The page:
From Publishers Weekly
Sey writes of her career in internationally competitive gymnastics, which culminated when she won the 1986 U.S. national championship at age 17. From the start Sey was an underdog, ever the second-best athlete on the team hoping to prove herself with tenacity and toughness. She endured numerous injuries—including a broken femur, which could have ended her career—as well as an eating disorder, depression, isolation and tremendous strain on her family. With each new sacrifice that her parents and brother made to support her, the stakes crept higher, inuring them all to gymnastics' inherent physical and psychological trauma. After claiming the U.S. title, Sey was shell-shocked and exhausted, suddenly robbed of her lifelong motivation. I'd always been a fighter, a come-from-behind girl. Now that I was on top, the battle would be unwinnable. The memoir's poignant glimpses at Sey's adult struggle to reckon with her past are regrettably sparse, and her prose occasionally lapses into wordiness, but overall, she has written a courageous story befitting a comeback kid—a timely release for the 2008 Olympics. (May)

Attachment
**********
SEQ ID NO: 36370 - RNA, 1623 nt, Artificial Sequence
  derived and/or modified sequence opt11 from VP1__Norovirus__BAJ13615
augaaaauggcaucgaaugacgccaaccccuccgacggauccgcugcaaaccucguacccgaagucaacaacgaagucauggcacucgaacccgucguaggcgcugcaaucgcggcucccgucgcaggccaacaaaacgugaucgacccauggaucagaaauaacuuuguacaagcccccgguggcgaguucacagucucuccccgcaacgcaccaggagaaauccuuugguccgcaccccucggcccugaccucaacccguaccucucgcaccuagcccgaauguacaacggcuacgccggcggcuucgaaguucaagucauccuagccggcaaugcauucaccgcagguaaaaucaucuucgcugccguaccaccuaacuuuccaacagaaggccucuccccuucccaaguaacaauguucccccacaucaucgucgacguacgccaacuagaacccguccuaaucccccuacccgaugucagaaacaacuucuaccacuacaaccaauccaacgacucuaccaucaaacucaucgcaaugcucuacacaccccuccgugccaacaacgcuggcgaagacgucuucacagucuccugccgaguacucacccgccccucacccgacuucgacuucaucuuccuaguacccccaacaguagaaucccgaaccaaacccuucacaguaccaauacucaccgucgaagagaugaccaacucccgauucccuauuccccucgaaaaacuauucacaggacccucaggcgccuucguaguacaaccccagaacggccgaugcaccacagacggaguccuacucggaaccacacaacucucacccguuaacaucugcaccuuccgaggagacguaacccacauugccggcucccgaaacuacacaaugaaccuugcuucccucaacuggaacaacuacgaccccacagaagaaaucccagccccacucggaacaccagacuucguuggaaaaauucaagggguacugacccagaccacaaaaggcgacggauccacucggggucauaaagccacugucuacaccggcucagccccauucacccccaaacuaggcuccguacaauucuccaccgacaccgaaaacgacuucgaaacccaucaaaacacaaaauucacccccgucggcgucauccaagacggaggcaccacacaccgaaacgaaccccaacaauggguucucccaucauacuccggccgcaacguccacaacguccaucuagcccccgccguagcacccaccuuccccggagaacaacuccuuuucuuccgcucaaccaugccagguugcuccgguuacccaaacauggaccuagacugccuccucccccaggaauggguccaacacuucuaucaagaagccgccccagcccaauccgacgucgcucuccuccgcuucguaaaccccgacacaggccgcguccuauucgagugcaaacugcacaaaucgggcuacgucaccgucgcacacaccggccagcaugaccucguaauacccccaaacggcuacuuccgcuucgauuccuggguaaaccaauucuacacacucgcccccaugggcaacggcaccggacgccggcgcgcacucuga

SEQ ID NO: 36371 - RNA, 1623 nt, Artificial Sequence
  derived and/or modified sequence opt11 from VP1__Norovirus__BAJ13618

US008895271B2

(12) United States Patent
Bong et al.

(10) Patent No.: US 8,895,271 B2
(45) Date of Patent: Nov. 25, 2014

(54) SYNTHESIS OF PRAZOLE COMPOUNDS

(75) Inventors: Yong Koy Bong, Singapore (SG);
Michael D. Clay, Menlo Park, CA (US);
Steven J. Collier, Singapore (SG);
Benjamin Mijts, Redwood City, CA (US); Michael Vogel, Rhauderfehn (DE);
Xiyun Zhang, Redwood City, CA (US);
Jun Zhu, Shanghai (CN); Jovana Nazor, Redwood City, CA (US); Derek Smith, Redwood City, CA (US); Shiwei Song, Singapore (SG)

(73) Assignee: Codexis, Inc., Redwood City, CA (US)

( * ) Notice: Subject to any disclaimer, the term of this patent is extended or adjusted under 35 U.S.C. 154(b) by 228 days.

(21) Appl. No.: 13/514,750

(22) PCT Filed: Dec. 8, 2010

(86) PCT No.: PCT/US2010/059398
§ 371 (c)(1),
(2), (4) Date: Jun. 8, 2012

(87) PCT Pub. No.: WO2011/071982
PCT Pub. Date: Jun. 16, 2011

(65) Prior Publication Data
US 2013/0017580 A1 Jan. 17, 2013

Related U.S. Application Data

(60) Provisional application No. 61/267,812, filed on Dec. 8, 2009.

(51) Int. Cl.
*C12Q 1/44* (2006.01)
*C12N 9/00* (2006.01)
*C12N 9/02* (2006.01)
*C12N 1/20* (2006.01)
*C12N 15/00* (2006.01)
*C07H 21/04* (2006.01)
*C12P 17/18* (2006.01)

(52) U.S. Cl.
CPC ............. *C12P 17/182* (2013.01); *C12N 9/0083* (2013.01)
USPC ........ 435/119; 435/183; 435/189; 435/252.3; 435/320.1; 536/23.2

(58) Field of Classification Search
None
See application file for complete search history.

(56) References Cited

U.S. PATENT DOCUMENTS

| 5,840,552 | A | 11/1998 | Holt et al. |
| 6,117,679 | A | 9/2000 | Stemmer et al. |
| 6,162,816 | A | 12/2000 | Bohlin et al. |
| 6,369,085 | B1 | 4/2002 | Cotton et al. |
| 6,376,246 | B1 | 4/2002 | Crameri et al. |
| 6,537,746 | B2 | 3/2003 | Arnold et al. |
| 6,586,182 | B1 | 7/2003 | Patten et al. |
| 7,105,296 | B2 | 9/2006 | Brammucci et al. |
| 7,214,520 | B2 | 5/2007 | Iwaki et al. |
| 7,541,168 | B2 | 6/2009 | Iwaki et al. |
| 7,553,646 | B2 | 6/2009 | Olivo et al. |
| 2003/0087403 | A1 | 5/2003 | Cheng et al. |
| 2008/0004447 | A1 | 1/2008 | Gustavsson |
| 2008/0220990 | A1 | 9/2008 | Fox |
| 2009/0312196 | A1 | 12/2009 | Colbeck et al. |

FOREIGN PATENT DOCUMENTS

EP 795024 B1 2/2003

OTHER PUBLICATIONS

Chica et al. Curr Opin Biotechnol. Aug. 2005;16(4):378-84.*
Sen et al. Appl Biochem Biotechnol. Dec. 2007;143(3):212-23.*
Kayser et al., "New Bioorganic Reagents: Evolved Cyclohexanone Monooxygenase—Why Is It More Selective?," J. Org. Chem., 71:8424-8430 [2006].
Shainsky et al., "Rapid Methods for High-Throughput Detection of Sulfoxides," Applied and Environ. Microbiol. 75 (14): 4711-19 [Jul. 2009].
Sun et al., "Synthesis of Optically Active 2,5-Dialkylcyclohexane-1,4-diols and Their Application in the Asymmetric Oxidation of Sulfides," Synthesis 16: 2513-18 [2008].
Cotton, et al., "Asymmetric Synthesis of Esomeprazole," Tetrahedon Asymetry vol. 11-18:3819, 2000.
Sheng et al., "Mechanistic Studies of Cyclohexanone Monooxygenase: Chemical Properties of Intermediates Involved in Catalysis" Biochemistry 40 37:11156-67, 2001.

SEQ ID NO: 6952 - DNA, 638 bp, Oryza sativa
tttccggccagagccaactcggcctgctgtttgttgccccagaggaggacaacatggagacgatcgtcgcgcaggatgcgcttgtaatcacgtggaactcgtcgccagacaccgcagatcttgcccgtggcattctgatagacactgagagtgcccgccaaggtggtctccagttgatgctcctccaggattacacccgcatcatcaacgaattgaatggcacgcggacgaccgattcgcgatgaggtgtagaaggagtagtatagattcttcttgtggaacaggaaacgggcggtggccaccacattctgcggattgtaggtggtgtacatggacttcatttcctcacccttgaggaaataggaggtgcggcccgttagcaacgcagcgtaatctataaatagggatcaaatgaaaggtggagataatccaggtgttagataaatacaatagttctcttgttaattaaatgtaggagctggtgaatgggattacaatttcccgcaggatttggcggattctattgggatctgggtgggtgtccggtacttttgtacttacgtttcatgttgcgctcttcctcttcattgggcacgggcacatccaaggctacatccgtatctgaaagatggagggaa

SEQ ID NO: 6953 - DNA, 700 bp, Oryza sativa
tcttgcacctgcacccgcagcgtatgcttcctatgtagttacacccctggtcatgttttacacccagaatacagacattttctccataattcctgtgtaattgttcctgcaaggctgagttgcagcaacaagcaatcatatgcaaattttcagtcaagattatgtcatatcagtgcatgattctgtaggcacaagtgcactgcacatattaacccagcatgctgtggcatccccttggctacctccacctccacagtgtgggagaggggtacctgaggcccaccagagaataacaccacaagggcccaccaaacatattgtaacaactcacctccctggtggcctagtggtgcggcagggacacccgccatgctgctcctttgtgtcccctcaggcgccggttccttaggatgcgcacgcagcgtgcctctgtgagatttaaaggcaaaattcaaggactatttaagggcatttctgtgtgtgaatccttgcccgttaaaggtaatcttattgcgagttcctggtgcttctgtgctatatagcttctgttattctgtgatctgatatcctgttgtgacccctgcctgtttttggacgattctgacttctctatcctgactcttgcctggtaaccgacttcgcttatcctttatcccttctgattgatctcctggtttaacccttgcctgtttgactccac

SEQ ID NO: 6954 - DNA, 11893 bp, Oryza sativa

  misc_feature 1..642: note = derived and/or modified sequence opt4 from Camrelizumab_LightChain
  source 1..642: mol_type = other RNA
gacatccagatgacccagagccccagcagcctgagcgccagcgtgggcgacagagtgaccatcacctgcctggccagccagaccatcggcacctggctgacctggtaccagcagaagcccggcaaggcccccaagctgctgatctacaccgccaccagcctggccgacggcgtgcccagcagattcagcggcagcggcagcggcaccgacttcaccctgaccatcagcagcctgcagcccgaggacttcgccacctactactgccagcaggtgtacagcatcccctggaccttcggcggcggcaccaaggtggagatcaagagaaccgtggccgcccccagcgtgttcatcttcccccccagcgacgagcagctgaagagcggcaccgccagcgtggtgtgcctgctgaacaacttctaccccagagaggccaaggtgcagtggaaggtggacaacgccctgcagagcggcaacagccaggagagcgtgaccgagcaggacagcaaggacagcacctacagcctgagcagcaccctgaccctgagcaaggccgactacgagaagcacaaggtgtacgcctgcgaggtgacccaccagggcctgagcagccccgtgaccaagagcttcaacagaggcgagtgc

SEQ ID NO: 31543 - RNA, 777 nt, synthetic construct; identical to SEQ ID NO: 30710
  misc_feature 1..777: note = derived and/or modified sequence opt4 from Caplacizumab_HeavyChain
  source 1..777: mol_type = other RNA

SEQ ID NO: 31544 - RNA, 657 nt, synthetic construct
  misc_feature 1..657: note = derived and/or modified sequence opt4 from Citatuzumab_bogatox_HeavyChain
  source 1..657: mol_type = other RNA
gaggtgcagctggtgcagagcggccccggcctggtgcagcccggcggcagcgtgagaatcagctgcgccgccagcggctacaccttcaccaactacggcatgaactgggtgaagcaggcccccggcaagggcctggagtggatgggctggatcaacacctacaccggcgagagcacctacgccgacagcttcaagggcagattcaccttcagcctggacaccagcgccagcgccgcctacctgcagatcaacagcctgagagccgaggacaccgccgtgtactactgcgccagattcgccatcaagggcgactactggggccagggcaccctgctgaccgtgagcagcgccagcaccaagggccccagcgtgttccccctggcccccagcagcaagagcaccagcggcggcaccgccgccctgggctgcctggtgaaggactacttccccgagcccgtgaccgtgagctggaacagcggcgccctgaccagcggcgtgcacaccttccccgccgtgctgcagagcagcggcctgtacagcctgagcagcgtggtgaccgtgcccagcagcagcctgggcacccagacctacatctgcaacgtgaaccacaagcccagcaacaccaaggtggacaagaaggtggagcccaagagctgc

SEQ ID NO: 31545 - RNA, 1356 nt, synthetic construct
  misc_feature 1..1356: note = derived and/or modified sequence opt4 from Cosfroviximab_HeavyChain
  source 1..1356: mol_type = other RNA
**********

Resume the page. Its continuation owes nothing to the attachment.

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Sey was the 1986 U.S. national gymnastics champion, but since gymnastics is a sport that only captures the fancy of the general populace during Olympic years, she is relatively unknown outside the sport’s inner circle. Joan Ryan exposed many of female gymnastics’ abuses in her classic Little Girls in Pretty Boxes (1996), but Sey adds to that sad story (her lengthy subtitle conveys much of the substance of her years as an elite gymnast). She acknowledges that her obsessively competitive personality may have simply found a venue in which to flourish, but the demands placed upon her by club coaches and parents surely exacerbated the situation. Sey’s parents moved so she could train with the right coaches, then virtually ignored their younger son and nearly lost their marriage along the way. Through it all, Sey suffered an adolescence of eating disorders, endured numerous broken bones, and viewed every element of her life through the distorting prism of competition. It’s a fascinating and disturbing book and certainly the young year’s front-runner for most literate and painfully honest sports autobiography. --Wes Lukowsky